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Constitution Marsh BCA Management Guidance Summary

Site Map

Site Name: Constitution Marsh Bird Conservation Area

State Ownership and Managing Agency: Property is owned by the Office of Parks, Recreation, and Historic Preservation and managed by the National Audubon Society.

Location: Putnam County, Town of Philipstown

Size of Area: 270 acres

DEC Region: 3

OPRHP Region: Taconic

General Site Information: The Constitution Marsh BCA is a large fresh /brackish tidal marsh located on the east shore of the Hudson River. It is one of only five large tidal marshes on the Hudson River. The site contains man-made dikes and channels constructed in the 1830's. The area has been designated by the New York State Department of State as a Significant Coastal Fish and Wildlife Habitat and a Scenic Area of Statewide Significance.

Vision Statement: Manage this site to facilitate recreational opportunities and access in a manner consistent with the conservation of the diverse bird species using the area. The area will continue to serve as a research and education site.

Key BCA Criteria: Waterfowl concentration site; migratory concentration site; diverse species concentration site; individual species concentration site; species at risk site (ECL§11-2001.3.a,e-h). This is an important wetland site hosting a diversity of birds (200 species have been identified at the site). Significant breeding bird species at the site include least bittern (threatened), Virginia rail, marsh wren, and swamp sparrow. It is an important waterfowl wintering and migratory stop-over site hosting average fall concentrations of 1,500 individuals with occasional peak counts of 4,000. It is particularly important as an American black duck wintering area. Other species that use the site during migration and/or winter include pied-billed grebe (threatened), osprey (special concern), bald eagle (threatened), northern harrier (threatened), and peregrine falcon (endangered). Fall swallow concentrations at the site typically number about 20,000 individuals, but can reach as high as 100,000.

Critical Habitat Types: Fresh/brackish tidal marsh. Important fish spawning and nursery habitat.

Operation and Management Considerations:

  • Identify habitat management activities needed to maintain site as a BCA.
    The site is currently managed by the National Audubon Society as a wildlife concentration area. Non-native invasive plants and animals such as purple loosestrife, European water chestnut, zebra mussel, and mute swan are monitored. Findings from monitoring will assist in determining the type and extent of any management of invasive species. Phragmites is currently encroaching into the northern end of the marsh. These Phragmites stands will need to be aggressively controlled to prevent further spreading into the marsh. They are currently being controlled through non-chemical means. Constitution Marsh is part of a federal Superfund site. Regular monitoring of contaminant levels will continue. Inventory and monitoring of wetland bird species will also continue.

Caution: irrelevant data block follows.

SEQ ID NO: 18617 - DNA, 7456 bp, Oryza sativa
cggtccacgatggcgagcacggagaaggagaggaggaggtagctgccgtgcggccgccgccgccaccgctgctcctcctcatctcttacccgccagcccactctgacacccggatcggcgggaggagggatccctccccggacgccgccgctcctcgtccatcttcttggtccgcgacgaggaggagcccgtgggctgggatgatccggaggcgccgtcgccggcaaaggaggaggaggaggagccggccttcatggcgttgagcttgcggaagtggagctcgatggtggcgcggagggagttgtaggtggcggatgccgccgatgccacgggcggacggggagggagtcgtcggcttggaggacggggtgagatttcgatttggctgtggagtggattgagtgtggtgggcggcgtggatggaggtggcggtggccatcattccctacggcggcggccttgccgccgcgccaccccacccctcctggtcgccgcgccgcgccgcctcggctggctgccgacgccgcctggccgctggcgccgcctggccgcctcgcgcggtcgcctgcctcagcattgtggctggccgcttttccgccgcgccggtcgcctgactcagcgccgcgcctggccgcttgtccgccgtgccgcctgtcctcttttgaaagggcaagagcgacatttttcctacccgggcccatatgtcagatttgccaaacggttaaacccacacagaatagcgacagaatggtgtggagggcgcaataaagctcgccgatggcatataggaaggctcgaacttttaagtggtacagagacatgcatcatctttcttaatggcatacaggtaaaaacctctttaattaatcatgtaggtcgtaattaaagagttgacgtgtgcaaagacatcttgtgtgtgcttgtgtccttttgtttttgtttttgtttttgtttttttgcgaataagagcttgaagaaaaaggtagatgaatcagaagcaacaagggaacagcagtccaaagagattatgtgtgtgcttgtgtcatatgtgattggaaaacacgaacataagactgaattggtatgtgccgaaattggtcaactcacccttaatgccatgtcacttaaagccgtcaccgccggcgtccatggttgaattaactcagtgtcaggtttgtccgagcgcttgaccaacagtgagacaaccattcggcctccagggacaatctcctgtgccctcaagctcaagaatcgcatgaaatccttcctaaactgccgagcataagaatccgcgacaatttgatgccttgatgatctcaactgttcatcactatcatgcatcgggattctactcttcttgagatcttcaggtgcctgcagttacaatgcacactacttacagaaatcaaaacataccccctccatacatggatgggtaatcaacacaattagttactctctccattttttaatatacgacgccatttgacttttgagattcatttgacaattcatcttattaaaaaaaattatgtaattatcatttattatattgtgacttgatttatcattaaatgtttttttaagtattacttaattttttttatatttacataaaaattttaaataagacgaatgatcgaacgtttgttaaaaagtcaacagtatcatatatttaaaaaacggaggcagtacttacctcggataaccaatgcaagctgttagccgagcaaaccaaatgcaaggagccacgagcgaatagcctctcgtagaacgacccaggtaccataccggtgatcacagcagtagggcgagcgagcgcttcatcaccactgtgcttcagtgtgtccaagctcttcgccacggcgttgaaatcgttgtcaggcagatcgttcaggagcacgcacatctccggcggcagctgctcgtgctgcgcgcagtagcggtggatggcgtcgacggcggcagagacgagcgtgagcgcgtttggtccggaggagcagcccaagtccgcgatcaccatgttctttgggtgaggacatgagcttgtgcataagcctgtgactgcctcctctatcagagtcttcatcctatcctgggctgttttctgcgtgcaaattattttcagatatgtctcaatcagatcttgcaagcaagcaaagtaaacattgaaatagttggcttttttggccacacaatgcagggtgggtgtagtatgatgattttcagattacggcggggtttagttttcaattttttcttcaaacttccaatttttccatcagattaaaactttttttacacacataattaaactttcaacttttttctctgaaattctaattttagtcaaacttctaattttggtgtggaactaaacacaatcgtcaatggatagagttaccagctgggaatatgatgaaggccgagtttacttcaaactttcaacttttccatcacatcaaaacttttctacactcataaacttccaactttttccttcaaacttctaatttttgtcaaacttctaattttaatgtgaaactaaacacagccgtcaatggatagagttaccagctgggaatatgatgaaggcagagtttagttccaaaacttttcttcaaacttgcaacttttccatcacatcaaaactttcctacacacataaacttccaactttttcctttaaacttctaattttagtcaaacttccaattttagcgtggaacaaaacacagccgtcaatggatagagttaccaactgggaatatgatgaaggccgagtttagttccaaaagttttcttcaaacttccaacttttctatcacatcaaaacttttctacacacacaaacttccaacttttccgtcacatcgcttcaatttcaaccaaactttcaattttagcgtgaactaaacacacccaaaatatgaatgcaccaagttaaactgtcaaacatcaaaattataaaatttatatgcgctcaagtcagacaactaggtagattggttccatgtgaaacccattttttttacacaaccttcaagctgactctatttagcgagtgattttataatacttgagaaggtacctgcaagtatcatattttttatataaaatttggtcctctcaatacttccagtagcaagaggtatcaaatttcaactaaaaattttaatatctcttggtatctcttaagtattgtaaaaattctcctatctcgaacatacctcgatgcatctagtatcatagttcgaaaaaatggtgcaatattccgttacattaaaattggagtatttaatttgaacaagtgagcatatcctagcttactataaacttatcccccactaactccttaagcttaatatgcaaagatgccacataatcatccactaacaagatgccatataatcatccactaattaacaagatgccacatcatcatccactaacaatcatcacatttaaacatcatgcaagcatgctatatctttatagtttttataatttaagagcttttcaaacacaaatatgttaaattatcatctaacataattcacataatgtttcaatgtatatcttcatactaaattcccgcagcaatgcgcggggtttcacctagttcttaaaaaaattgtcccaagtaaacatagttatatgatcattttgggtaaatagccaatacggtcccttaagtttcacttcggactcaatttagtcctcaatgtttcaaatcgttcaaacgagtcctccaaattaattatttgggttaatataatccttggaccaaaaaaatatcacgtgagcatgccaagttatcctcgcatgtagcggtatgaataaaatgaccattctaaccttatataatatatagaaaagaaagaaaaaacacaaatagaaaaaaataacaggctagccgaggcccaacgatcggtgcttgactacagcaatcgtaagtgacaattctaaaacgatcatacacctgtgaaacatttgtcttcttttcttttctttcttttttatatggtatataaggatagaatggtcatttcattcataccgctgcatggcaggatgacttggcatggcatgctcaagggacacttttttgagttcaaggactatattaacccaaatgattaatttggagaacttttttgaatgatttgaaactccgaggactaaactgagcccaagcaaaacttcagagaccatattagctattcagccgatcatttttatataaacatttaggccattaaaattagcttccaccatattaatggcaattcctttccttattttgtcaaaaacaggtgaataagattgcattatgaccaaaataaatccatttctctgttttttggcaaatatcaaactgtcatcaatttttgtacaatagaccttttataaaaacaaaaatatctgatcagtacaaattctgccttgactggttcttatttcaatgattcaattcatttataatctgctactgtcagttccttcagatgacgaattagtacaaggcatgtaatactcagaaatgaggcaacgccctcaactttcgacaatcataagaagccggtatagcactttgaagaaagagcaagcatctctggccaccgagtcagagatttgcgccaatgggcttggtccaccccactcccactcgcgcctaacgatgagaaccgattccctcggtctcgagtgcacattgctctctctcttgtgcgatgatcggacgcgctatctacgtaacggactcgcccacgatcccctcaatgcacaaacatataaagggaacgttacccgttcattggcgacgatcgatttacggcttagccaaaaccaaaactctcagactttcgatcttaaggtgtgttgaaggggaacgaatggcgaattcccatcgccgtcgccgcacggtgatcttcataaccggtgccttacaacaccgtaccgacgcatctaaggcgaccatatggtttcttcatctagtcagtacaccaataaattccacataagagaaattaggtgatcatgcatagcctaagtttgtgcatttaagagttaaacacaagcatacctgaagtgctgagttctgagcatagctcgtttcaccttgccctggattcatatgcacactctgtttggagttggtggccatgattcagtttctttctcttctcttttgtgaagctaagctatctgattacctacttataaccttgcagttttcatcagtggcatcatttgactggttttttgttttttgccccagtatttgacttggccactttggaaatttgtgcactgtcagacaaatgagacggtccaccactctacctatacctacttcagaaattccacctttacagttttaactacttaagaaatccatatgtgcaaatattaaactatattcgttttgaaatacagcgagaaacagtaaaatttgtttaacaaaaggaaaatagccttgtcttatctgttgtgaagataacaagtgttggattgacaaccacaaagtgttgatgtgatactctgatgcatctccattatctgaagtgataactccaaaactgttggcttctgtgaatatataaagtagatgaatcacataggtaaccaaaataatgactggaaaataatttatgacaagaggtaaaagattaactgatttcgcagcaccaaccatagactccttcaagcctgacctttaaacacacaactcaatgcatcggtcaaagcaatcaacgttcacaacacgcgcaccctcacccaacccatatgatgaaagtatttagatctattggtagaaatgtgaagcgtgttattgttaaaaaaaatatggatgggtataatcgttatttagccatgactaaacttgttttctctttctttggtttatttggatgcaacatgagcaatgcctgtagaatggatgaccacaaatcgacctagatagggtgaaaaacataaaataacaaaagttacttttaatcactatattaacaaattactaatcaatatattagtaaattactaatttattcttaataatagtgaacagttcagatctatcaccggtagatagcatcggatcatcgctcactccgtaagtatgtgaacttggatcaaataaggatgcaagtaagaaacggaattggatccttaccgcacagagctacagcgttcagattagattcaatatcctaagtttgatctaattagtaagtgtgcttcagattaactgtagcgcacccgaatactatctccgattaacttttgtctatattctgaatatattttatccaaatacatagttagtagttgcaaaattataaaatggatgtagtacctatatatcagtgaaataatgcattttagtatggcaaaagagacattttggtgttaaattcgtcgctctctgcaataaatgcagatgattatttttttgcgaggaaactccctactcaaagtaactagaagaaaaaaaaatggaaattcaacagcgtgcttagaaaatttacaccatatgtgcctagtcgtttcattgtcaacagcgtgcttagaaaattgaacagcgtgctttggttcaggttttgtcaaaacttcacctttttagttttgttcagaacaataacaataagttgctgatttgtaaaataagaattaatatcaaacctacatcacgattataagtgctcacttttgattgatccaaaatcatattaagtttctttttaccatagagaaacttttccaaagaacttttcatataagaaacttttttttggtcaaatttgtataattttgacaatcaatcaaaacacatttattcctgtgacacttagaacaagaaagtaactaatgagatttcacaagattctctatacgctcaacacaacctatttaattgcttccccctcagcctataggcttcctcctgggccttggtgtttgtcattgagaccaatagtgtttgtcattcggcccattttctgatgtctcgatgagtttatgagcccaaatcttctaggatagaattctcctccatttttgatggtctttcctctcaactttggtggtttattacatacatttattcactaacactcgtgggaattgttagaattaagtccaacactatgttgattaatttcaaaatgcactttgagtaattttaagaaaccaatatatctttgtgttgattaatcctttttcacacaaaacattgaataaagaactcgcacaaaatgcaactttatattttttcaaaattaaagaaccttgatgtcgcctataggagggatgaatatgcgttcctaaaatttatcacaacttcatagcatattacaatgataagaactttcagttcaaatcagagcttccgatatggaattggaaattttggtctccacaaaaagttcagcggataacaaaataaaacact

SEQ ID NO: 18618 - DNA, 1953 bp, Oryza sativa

• Identify seasonal sensitivities; adjust routine operations accordingly.
    The site is operated only as an environmental education and research center. Adjustments in numbers of visitors may be necessary during certain nesting periods.

  • Identify state activities or operations which may pose a threat to the critical habitat types identified above; recommend alternatives to existing and future operations which may pose threats to those habitats.
    None identified.

  • Identify any existing or potential use impacts; recommend new management strategies to address those impacts.
    Adjustments in numbers of visitors may be necessary during certain nesting periods.

Education, Outreach, and Research Considerations:

  • Assess current access; recommend enhanced access, if feasible.
    Current access levels are within carrying capacity of the site. Any increases will be carefully assessed with respect to impacts.

  • Determine education and outreach needs; recommend strategies and materials.
    National Audubon Society will continue with their current program and enhance it with equipment and materials as needed.

  • Identify research needs; prioritize and recommend specific projects or studies.
    Impacts of invasive species need to be carefully tracked. Research should include potential impacts of contaminant levels associated with the Superfund site. Inventory and monitoring of wetland bird species will also continue.

Contacts:
Tom Lyons, OPRHP, Albany, 518-474-0409

Ralph Odell, OPRHP, Taconic Region, 845-889-4100, ext. 304

Eric Lind, Director Constitution Marsh Sanctuary, 845-265-2601

Ted Kerpez, DEC Region 3 Wildlife Manager, 845-256-3060

Sources:
Wells, J. V. 1998. Important Bird Areas in New York State. National Audubon Society, Albany, New York.

Date BCA Designated: 5/18/01

Date MGS Prepared: 5/16/01


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